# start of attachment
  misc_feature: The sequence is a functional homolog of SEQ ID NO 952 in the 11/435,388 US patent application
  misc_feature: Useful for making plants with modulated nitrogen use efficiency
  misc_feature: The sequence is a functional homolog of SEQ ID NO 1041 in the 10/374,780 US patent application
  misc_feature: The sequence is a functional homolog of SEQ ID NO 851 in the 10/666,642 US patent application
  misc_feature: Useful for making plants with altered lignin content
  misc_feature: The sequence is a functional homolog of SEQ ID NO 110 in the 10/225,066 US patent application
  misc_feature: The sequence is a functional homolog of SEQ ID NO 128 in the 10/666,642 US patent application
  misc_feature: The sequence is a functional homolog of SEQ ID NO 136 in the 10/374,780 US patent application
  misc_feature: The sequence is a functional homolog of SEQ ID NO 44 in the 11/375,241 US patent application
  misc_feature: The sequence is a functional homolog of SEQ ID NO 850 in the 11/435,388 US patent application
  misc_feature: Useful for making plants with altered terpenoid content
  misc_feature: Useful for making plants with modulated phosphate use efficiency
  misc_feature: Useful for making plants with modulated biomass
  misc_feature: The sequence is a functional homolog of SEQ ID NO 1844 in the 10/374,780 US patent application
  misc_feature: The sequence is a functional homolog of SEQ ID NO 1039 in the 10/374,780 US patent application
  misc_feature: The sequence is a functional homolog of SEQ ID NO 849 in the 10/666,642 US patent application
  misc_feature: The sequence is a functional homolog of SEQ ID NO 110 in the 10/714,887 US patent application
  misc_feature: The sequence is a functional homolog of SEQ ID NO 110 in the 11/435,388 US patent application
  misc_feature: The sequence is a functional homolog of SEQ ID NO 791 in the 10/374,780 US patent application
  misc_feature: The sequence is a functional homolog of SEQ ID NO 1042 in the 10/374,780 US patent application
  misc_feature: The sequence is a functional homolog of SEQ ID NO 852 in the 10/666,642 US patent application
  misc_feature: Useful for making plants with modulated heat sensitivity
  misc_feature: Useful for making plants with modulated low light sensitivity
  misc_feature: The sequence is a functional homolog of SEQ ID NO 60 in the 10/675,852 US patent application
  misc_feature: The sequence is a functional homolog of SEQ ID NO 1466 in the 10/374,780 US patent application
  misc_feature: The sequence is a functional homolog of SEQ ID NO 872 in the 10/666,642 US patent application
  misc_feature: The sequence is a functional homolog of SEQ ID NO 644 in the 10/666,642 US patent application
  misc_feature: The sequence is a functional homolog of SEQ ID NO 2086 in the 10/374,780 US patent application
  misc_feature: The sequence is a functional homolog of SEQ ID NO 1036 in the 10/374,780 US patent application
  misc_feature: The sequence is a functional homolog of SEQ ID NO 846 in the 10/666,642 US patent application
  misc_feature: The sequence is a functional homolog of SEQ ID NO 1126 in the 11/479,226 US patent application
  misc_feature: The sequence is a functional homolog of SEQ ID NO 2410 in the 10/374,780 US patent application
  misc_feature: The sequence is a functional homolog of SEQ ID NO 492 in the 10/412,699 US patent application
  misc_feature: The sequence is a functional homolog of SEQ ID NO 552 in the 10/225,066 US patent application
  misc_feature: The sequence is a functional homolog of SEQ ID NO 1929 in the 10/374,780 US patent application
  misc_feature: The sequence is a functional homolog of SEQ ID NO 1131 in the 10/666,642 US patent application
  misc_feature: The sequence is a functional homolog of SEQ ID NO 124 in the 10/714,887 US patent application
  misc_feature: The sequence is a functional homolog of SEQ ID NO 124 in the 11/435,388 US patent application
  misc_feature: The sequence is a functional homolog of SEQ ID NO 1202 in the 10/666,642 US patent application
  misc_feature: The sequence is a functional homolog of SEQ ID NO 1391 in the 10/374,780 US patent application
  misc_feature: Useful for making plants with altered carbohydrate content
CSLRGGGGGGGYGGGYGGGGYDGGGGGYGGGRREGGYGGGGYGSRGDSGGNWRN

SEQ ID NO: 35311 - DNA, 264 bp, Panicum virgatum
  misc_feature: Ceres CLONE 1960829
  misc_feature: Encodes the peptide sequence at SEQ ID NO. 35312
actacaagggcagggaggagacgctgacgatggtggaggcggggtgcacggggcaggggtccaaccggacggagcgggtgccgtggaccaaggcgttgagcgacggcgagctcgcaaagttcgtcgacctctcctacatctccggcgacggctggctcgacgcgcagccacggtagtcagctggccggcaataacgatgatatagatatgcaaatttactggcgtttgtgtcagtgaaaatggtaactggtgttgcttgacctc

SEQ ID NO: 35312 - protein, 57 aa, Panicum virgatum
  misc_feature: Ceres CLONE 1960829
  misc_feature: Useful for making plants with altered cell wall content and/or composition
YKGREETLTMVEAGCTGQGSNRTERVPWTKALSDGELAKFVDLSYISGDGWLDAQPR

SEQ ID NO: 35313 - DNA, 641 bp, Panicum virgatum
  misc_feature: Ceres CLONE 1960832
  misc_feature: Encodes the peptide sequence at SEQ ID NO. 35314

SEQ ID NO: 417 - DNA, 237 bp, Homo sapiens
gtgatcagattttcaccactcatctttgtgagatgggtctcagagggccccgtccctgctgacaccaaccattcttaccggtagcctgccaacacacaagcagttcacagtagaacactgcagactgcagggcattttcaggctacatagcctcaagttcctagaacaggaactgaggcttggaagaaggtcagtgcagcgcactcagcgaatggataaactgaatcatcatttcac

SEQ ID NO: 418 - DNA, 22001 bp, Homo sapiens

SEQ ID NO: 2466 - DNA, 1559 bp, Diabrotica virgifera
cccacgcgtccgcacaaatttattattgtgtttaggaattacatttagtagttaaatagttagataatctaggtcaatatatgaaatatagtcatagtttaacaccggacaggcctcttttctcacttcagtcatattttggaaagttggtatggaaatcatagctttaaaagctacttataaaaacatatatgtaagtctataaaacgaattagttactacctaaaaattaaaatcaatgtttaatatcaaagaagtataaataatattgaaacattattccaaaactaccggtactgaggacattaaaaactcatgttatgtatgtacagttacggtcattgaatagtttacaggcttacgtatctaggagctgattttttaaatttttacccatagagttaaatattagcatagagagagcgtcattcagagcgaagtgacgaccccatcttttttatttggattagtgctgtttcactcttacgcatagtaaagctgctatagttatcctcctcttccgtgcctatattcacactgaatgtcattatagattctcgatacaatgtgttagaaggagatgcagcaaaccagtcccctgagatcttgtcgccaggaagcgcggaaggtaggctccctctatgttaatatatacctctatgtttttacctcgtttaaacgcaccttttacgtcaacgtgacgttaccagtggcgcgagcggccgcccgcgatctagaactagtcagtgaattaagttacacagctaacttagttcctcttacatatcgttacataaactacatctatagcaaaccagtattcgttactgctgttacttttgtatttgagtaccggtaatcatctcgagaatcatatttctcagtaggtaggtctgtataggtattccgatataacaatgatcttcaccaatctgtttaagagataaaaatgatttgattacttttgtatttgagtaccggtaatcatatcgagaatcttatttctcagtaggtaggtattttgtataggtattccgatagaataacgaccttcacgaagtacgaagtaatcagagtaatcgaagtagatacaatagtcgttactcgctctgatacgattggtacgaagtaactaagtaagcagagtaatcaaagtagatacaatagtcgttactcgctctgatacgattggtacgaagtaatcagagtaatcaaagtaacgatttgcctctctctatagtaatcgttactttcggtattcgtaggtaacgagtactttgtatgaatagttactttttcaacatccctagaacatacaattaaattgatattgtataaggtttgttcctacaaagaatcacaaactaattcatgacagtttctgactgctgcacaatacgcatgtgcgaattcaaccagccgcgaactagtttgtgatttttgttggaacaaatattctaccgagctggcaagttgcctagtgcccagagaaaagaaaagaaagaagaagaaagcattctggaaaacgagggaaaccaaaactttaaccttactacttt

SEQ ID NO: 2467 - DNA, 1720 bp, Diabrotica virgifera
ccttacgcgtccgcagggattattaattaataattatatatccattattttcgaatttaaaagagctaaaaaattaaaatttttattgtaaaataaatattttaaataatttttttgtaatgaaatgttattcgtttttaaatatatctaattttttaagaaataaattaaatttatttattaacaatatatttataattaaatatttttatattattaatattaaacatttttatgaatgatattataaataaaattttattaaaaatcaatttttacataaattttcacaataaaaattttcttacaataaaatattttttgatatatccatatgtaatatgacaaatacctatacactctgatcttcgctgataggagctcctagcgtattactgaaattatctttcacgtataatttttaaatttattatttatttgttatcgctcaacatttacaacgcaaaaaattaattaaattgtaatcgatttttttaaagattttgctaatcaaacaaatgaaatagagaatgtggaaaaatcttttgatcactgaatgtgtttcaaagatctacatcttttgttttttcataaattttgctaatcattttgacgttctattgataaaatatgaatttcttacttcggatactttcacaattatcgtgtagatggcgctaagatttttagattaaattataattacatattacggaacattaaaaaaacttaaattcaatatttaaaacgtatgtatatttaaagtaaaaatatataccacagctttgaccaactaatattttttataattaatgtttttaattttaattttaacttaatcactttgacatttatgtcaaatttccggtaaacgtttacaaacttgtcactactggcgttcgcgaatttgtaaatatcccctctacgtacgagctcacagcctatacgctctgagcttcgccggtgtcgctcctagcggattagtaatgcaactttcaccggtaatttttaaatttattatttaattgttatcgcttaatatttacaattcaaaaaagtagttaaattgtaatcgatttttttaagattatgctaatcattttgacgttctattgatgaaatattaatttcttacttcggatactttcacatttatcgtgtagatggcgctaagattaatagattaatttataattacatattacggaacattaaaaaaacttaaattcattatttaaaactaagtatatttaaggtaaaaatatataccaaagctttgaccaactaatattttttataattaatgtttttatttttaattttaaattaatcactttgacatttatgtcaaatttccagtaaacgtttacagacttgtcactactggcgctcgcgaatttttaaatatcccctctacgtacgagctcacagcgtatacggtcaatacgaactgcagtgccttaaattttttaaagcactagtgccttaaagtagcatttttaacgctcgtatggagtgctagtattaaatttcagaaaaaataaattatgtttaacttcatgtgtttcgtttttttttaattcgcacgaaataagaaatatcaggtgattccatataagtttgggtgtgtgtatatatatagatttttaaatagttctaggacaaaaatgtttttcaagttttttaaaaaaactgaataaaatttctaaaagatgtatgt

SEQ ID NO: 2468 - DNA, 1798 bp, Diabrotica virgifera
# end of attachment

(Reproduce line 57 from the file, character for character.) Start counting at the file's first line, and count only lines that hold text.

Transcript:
SEQ ID NO: 2466 - DNA, 1559 bp, Diabrotica virgifera